House International Relations Committee
Subcommittee on Africa, Global Human Rights and International Operations
Wednesday, April 19, 2006, 10:30 A.M.
2172 Rayburn House Office Building.
Mr. Chairman, thank you for inviting me to make a contribution to the Committee’s profoundly important work.
Approximately two months ago, your Committee heard representatives of Google, Microsoft, Yahoo, and Cisco Systems defend their companies’ role in constructing China’s Internet. Simultaneously the Committee floated an extremely important draft – the Global Online Freedom Act of 2006 – which appeared to place this committee and the aforementioned companies on a collision course. Some commentators, particularly those searching for a middle way, characterized the Online Freedom Act as an “overreaction.” I don’t agree. I believe that it is better characterized as a tragedy.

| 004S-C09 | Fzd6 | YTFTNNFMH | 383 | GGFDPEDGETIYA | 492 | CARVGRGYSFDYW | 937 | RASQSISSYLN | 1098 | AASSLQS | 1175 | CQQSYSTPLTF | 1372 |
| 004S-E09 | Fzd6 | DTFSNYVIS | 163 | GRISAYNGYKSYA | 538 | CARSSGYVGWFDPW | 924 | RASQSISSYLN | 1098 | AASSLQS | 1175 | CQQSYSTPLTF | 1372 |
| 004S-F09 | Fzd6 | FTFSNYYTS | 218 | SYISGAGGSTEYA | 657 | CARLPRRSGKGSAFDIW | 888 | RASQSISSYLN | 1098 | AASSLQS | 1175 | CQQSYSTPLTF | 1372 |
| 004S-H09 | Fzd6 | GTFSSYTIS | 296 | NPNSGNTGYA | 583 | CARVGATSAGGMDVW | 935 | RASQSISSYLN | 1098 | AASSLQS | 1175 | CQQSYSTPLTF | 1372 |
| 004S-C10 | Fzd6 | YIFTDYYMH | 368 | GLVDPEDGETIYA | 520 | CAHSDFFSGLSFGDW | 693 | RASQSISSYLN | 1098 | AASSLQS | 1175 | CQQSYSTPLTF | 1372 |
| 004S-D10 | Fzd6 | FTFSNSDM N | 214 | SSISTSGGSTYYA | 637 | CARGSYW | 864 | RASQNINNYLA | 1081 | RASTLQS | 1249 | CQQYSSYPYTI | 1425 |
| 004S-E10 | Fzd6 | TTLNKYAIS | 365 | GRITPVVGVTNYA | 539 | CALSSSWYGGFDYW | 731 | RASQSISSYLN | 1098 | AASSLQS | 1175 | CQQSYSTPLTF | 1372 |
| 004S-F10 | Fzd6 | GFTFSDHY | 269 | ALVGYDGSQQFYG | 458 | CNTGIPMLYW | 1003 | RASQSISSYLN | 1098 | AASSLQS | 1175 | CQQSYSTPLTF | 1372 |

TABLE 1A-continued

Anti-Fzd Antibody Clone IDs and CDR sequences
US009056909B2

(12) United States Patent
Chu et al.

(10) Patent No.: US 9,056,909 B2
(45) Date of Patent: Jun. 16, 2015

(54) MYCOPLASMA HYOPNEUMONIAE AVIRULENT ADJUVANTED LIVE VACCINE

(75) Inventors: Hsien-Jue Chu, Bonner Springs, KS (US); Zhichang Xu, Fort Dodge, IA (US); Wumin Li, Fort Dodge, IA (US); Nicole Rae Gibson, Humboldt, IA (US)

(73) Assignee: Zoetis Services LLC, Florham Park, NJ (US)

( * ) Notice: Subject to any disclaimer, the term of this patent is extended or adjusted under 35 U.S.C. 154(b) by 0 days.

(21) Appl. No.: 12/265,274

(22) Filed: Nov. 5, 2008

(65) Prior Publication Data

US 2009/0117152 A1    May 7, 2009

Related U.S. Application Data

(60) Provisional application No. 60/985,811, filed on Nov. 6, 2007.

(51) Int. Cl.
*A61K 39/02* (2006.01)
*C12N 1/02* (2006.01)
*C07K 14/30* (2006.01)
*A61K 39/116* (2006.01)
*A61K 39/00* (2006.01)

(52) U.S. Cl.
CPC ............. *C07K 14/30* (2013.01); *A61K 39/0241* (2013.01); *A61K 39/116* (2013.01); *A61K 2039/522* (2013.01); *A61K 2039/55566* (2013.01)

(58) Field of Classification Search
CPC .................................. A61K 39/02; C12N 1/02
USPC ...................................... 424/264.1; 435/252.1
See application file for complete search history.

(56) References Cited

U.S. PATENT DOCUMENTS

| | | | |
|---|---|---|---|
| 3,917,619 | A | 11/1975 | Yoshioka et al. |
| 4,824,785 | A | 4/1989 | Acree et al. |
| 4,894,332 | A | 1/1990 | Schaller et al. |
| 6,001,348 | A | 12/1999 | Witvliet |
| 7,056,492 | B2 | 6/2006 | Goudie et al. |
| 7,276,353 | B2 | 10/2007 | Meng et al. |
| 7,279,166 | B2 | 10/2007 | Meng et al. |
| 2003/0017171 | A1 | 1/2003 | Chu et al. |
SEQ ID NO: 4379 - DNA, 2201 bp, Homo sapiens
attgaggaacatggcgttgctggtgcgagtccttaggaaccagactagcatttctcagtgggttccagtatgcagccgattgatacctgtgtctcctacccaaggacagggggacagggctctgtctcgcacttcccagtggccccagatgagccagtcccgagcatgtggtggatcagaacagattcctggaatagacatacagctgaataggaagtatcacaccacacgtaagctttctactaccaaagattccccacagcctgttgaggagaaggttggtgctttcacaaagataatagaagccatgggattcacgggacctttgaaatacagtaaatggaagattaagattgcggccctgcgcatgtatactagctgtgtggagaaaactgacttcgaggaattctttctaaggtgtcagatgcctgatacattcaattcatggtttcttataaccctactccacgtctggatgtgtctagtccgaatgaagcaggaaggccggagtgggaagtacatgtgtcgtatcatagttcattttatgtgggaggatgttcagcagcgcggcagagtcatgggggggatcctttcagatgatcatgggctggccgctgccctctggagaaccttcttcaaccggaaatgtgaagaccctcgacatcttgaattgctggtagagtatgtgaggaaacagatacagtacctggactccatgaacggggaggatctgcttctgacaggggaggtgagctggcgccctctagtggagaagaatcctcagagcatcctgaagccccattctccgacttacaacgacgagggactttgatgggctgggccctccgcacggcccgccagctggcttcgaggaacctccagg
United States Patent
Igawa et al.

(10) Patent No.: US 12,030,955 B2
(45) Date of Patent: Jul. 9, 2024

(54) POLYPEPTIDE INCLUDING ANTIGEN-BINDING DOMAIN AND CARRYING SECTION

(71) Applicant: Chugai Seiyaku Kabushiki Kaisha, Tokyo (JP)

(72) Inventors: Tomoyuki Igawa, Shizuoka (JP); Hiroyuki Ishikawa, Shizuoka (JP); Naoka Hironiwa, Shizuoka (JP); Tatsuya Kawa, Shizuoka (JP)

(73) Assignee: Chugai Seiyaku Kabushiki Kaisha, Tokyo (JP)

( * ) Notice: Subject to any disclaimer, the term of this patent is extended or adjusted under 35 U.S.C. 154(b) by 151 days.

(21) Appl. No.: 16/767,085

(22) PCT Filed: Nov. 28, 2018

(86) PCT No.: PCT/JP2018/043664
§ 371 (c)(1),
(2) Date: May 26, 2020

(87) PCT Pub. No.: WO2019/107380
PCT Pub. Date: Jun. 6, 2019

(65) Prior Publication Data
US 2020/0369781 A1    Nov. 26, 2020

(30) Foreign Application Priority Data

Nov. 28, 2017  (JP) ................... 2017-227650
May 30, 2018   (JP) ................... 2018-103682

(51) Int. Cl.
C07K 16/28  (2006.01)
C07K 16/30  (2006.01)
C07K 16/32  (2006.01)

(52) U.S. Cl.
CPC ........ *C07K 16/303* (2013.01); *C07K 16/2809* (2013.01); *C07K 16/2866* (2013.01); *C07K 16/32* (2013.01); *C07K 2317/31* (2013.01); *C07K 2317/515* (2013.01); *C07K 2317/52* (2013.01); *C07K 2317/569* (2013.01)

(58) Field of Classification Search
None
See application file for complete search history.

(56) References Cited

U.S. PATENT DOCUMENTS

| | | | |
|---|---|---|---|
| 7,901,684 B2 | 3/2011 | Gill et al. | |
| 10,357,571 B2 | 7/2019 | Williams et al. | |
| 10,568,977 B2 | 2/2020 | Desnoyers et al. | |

I would guess that few people in this room actually desire intrusive government intervention and oversight of U.S. companies. I certainly don’t. I’m a former consultant to American corporations operating in China and a former vice-chair of the Government Relations Committee for the American Chamber of Commerce Beijing. I’m also a former believer in the concept that we would change China, not that China would change us.